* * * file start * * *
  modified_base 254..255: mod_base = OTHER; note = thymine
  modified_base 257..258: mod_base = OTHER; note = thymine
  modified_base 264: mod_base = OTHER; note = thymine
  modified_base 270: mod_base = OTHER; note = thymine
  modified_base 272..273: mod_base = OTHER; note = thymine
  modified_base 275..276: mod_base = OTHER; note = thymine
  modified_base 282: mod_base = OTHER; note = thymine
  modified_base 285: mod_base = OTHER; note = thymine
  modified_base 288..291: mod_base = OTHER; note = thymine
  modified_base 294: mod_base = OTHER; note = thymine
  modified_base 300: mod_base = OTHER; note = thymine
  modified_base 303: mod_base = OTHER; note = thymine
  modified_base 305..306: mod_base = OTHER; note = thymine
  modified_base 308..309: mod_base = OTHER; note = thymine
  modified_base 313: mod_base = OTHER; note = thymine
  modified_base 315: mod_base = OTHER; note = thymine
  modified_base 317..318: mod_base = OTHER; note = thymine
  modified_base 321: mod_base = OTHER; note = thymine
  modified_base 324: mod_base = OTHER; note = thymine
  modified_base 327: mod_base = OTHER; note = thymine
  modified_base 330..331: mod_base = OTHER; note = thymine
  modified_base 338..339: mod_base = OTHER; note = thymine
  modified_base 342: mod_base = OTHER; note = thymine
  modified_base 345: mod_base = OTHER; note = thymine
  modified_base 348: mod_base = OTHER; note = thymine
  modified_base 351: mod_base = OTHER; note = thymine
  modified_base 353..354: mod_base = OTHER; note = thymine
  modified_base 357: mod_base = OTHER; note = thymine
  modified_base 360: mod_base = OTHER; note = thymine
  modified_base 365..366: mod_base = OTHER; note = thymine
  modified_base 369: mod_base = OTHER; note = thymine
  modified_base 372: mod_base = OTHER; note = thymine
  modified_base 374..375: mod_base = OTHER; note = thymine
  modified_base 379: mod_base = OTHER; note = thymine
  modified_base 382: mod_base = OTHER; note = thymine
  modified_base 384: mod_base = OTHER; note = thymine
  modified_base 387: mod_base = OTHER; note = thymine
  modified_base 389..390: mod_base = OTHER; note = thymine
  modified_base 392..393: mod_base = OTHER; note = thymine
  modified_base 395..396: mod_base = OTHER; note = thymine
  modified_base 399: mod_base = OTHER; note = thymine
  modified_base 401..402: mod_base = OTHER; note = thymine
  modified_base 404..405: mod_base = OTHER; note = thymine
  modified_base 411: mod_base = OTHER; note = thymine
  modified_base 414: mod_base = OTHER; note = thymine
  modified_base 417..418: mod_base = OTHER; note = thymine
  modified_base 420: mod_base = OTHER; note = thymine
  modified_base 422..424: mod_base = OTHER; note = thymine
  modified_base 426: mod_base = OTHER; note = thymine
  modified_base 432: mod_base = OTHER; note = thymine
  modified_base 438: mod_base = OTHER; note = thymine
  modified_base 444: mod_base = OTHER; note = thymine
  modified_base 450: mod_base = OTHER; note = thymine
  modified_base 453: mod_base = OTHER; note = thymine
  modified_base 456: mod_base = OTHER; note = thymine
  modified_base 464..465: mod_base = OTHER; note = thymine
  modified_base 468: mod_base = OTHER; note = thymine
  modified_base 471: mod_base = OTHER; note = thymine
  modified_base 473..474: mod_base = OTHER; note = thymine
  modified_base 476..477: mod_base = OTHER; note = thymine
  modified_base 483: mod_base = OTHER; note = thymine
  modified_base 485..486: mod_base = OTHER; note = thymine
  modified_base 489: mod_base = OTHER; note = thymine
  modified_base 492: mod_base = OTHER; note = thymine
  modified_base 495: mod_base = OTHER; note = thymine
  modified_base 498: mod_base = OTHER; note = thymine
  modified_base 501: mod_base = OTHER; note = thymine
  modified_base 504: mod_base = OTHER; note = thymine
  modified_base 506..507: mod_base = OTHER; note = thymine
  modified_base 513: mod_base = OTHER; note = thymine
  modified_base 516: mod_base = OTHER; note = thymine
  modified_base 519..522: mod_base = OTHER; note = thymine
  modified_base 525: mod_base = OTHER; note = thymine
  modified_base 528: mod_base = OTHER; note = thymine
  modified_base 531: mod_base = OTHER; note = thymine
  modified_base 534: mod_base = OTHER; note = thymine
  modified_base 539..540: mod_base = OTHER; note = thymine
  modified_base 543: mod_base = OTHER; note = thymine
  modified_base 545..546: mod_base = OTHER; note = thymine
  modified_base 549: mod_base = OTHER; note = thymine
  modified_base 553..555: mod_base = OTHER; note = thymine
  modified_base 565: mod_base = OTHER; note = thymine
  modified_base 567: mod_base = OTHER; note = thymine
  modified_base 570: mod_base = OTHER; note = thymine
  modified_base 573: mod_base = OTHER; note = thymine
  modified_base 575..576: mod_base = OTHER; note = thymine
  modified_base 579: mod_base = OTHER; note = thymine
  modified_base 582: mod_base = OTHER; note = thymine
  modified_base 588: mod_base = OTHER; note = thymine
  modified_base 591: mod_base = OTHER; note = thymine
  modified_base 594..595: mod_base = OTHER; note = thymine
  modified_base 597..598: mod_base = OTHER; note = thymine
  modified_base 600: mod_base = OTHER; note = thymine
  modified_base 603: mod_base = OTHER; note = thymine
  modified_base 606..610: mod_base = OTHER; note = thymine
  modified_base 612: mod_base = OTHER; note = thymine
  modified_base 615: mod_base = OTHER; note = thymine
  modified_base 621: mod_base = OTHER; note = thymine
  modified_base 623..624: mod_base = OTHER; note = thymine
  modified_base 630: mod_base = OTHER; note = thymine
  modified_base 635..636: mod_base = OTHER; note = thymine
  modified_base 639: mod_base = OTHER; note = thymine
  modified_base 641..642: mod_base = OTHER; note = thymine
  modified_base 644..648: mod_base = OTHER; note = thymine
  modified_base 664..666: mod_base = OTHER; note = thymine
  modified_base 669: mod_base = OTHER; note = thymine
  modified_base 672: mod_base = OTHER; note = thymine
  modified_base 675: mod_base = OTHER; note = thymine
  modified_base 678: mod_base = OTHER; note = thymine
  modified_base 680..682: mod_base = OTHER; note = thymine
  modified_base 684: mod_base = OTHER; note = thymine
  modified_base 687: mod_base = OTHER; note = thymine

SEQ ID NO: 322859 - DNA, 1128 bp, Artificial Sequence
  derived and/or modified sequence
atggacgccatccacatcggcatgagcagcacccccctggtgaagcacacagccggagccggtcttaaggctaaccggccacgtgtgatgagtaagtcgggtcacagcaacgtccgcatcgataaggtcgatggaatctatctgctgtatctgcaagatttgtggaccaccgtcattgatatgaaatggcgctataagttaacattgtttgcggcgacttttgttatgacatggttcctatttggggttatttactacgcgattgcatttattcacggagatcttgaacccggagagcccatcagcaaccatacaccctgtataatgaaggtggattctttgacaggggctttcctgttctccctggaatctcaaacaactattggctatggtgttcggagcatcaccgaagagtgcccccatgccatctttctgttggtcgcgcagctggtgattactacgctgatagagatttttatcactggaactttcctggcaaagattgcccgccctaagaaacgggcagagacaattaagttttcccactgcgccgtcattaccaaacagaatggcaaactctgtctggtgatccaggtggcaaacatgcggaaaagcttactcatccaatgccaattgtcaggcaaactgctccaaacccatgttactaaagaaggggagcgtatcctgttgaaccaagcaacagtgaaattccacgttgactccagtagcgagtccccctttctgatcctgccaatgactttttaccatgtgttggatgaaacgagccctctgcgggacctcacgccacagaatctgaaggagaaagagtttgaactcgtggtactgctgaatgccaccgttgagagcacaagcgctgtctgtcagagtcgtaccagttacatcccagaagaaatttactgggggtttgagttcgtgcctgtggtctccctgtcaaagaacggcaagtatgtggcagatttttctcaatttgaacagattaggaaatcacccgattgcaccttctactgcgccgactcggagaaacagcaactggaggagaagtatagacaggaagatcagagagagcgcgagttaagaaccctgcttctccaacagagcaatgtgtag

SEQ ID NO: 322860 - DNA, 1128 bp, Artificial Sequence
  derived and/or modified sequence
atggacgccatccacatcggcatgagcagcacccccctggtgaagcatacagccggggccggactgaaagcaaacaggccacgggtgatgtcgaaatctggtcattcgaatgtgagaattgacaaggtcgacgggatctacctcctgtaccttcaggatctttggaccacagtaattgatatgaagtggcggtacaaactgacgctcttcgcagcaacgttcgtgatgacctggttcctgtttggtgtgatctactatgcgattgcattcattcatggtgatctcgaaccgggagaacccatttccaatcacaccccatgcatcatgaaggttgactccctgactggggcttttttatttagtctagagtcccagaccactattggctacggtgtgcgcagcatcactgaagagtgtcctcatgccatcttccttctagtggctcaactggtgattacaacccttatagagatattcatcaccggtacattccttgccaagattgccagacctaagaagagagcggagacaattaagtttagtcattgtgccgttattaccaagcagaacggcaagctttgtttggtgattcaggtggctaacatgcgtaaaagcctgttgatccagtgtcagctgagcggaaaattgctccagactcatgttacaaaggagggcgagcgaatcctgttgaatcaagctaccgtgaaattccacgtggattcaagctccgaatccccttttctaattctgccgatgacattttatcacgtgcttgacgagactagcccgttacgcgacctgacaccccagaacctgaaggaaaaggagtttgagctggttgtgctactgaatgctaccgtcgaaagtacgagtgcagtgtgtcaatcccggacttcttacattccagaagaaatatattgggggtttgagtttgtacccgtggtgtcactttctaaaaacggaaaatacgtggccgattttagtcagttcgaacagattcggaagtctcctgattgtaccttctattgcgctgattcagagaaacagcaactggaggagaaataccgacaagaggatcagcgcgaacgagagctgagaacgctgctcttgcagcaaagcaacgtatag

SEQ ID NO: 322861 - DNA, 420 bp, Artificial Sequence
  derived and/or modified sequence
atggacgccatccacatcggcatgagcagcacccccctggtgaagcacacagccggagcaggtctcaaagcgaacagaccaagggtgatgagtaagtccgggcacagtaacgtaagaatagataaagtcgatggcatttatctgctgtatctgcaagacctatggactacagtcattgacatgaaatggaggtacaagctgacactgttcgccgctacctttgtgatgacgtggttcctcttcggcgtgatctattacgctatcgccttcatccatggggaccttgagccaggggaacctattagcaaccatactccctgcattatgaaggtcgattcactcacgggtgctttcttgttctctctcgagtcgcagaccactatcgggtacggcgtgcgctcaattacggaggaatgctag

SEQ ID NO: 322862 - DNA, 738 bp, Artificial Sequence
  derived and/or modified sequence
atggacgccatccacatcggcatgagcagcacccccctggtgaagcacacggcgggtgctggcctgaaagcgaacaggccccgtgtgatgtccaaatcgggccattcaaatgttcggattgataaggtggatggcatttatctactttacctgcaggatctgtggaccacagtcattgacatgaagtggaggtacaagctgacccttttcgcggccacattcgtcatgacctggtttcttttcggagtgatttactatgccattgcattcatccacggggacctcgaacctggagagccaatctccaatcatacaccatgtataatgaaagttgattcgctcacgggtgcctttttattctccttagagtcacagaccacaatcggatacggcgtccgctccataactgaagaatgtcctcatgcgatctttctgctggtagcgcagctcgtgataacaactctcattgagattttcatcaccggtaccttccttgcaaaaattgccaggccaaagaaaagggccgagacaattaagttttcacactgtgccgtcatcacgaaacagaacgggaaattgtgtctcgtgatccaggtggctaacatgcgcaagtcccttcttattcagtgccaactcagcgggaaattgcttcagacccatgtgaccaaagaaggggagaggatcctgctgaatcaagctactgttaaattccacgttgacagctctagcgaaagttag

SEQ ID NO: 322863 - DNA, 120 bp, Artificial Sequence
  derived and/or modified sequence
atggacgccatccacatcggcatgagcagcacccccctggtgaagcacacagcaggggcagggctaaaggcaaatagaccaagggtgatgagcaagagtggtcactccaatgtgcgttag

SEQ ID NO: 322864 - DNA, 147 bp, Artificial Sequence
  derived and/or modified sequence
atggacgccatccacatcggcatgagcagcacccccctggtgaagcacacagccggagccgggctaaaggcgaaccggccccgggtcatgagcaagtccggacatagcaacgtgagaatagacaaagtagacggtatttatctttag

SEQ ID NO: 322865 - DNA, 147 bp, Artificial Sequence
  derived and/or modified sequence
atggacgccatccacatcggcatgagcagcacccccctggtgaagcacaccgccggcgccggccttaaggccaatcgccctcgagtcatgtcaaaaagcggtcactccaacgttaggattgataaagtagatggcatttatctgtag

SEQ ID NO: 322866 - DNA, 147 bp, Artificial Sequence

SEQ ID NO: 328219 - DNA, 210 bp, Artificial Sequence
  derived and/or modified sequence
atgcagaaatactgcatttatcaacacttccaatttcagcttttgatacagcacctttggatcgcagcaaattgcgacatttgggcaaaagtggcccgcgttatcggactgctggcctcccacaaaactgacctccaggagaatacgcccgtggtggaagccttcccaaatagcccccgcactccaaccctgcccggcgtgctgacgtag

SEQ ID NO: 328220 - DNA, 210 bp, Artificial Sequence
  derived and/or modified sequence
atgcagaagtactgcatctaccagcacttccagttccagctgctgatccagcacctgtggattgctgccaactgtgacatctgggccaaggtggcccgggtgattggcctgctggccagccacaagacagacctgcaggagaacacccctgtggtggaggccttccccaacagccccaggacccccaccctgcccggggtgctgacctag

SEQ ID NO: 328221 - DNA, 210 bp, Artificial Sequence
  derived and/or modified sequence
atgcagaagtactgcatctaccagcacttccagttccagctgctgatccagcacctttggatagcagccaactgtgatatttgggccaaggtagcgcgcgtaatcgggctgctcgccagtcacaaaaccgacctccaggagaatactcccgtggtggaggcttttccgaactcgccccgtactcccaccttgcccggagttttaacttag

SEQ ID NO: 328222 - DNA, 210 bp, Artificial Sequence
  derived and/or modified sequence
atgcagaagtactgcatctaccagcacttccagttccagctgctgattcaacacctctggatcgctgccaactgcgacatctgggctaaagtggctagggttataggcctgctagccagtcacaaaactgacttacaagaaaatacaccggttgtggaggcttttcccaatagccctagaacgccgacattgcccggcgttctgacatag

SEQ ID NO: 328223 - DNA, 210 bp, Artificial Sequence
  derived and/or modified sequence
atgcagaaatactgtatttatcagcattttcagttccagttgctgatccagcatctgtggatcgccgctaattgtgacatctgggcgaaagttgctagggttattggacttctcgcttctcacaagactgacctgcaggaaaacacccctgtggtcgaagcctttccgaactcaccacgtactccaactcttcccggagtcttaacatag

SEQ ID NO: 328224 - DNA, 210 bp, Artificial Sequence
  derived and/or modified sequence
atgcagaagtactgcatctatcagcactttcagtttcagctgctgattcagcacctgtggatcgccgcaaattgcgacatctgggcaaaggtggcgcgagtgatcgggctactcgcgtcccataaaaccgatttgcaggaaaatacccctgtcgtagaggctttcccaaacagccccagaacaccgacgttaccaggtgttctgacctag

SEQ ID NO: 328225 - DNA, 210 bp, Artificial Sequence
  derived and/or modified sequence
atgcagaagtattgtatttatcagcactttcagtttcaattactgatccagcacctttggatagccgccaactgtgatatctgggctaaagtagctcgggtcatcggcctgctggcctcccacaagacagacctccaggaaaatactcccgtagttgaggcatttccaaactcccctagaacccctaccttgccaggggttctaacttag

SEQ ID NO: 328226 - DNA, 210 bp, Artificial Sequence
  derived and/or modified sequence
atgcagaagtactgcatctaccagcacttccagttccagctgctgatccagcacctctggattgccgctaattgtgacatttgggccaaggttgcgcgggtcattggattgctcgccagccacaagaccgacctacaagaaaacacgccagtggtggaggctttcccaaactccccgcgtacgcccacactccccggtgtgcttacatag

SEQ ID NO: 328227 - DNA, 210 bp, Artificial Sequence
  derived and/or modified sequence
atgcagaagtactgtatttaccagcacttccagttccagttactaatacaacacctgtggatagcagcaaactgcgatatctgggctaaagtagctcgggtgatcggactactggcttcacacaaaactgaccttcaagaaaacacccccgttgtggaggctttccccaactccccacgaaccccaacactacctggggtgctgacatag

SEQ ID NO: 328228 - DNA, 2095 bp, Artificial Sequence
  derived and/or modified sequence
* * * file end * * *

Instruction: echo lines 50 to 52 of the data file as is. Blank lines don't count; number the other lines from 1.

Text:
  modified_base 432: mod_base = OTHER; note = thymine
  modified_base 438: mod_base = OTHER; note = thymine
  modified_base 444: mod_base = OTHER; note = thymine